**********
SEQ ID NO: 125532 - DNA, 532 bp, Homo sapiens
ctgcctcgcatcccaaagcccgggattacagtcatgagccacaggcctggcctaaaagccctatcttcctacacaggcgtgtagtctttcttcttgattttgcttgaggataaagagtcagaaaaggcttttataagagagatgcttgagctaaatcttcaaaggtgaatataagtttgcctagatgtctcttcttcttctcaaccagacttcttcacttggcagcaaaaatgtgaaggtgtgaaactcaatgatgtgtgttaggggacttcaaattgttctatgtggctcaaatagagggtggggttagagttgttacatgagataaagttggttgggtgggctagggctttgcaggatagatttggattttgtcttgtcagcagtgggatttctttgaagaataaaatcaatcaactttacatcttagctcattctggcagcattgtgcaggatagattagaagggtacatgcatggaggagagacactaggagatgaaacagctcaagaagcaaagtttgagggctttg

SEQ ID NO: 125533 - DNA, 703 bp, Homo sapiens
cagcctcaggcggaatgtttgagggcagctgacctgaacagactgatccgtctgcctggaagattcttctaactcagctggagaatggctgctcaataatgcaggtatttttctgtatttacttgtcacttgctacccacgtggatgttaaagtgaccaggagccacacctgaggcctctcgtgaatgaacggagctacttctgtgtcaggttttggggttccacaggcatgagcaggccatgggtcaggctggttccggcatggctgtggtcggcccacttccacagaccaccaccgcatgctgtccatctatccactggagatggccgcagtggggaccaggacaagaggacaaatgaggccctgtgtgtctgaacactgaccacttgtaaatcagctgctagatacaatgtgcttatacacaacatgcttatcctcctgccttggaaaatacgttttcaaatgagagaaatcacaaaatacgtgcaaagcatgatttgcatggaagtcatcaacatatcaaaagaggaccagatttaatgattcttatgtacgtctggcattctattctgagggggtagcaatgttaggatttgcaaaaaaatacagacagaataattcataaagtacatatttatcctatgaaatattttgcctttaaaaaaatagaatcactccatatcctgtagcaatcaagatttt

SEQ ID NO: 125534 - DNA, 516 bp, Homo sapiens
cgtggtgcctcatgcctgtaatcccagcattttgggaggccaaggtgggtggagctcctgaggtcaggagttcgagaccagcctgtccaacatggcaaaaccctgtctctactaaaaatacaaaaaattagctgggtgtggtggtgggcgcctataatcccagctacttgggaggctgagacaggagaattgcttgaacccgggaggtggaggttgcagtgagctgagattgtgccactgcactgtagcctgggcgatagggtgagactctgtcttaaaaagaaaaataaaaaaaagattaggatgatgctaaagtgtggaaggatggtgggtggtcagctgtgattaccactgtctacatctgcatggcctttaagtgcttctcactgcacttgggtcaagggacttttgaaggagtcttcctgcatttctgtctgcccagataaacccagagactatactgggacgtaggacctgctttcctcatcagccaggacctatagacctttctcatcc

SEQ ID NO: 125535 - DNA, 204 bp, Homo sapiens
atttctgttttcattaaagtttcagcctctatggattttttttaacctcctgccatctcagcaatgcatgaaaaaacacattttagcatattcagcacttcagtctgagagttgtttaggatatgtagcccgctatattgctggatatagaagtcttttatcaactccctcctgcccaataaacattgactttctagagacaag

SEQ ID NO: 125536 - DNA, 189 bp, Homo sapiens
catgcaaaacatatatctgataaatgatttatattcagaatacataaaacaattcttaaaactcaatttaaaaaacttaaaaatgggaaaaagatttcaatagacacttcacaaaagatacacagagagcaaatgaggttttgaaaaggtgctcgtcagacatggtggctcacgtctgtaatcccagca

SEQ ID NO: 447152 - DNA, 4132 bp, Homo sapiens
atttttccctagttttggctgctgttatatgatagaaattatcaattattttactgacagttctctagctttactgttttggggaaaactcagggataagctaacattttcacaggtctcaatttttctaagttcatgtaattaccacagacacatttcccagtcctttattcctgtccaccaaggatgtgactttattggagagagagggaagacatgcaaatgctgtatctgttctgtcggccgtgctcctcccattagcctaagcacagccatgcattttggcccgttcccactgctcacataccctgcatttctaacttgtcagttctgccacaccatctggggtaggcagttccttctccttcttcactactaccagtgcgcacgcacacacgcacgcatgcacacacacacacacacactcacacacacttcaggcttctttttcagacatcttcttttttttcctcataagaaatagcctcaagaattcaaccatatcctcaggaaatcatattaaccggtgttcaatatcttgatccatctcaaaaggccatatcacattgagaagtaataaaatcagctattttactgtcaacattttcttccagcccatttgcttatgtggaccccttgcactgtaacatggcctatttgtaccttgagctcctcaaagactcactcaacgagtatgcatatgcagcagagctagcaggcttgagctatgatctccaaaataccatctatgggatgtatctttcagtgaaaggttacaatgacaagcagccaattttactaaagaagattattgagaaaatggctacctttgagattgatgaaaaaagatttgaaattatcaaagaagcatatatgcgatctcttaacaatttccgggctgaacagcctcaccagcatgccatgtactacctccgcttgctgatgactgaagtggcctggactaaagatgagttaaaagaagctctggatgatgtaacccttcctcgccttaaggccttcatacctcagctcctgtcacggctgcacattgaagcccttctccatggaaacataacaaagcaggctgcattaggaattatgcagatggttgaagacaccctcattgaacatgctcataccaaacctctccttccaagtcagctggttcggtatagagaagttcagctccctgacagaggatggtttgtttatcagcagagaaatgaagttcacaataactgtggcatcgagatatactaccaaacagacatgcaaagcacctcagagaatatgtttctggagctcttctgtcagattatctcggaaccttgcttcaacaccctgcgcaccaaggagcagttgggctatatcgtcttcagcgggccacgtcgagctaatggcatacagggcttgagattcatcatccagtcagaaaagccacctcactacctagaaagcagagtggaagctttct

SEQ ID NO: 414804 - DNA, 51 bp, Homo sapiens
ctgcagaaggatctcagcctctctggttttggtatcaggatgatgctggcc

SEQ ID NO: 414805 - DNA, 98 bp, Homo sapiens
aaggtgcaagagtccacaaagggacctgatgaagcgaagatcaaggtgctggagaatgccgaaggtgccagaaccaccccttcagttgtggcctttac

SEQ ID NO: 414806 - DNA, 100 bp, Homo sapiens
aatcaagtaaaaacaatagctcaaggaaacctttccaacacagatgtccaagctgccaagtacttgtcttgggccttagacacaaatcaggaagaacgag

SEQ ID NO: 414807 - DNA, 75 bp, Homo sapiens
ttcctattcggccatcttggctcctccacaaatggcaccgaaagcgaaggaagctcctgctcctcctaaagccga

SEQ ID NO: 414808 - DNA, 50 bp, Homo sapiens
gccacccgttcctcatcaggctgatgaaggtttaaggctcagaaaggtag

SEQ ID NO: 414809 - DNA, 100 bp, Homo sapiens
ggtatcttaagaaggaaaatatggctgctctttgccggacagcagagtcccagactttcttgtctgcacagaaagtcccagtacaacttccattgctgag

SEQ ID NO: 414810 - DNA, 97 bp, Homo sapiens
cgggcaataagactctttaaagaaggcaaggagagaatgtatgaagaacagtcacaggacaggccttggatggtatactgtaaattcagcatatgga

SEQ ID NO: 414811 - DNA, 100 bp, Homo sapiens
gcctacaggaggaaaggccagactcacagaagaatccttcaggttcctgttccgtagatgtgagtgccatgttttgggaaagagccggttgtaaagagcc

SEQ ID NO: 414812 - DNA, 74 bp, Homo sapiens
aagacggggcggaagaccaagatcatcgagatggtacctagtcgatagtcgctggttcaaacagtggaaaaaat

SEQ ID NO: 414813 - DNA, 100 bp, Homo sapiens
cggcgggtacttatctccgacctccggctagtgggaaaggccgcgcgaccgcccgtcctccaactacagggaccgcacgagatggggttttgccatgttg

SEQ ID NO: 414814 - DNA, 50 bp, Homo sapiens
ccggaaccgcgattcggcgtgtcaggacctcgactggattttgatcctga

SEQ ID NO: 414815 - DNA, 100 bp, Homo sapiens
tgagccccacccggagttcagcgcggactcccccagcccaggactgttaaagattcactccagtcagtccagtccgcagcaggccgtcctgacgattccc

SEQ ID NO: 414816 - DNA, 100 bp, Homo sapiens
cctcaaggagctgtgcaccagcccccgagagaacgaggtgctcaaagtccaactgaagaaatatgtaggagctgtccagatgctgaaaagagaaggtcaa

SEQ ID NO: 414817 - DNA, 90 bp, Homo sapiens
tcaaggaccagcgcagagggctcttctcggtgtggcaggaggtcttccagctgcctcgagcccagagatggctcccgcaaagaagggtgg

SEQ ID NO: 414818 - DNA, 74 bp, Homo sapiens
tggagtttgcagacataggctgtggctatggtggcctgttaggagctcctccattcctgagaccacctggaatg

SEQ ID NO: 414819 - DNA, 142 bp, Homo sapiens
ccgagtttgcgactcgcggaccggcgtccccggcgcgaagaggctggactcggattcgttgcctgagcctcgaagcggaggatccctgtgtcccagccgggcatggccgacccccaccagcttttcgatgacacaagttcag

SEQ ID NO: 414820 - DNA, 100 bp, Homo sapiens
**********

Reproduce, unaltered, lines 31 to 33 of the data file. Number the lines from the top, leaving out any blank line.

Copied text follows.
SEQ ID NO: 414813 - DNA, 100 bp, Homo sapiens
cggcgggtacttatctccgacctccggctagtgggaaaggccgcgcgaccgcccgtcctccaactacagggaccgcacgagatggggttttgccatgttg

SEQ ID NO: 414814 - DNA, 50 bp, Homo sapiens